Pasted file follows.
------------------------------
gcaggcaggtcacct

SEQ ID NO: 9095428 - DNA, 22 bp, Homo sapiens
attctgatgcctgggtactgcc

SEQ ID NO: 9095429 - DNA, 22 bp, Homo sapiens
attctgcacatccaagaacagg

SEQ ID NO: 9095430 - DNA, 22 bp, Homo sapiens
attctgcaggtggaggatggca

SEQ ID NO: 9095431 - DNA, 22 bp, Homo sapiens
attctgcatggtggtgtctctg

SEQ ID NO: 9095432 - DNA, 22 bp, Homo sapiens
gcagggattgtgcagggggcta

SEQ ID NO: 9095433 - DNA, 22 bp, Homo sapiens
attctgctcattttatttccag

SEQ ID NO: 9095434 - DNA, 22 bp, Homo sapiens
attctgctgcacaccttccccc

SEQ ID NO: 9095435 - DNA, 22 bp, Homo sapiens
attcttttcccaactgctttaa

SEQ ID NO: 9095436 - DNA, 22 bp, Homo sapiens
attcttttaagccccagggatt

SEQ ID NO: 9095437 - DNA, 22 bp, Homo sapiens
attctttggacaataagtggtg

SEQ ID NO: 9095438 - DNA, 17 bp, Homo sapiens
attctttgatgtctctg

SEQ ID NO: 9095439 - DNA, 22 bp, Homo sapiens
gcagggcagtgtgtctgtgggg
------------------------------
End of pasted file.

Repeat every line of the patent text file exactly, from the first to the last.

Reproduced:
gcaggcaggtcacct

SEQ ID NO: 9095428 - DNA, 22 bp, Homo sapiens
attctgatgcctgggtactgcc

SEQ ID NO: 9095429 - DNA, 22 bp, Homo sapiens
attctgcacatccaagaacagg

SEQ ID NO: 9095430 - DNA, 22 bp, Homo sapiens
attctgcaggtggaggatggca

SEQ ID NO: 9095431 - DNA, 22 bp, Homo sapiens
attctgcatggtggtgtctctg

SEQ ID NO: 9095432 - DNA, 22 bp, Homo sapiens
gcagggattgtgcagggggcta

SEQ ID NO: 9095433 - DNA, 22 bp, Homo sapiens
attctgctcattttatttccag

SEQ ID NO: 9095434 - DNA, 22 bp, Homo sapiens
attctgctgcacaccttccccc

SEQ ID NO: 9095435 - DNA, 22 bp, Homo sapiens
attcttttcccaactgctttaa

SEQ ID NO: 9095436 - DNA, 22 bp, Homo sapiens
attcttttaagccccagggatt

SEQ ID NO: 9095437 - DNA, 22 bp, Homo sapiens
attctttggacaataagtggtg

SEQ ID NO: 9095438 - DNA, 17 bp, Homo sapiens
attctttgatgtctctg

SEQ ID NO: 9095439 - DNA, 22 bp, Homo sapiens
gcagggcagtgtgtctgtgggg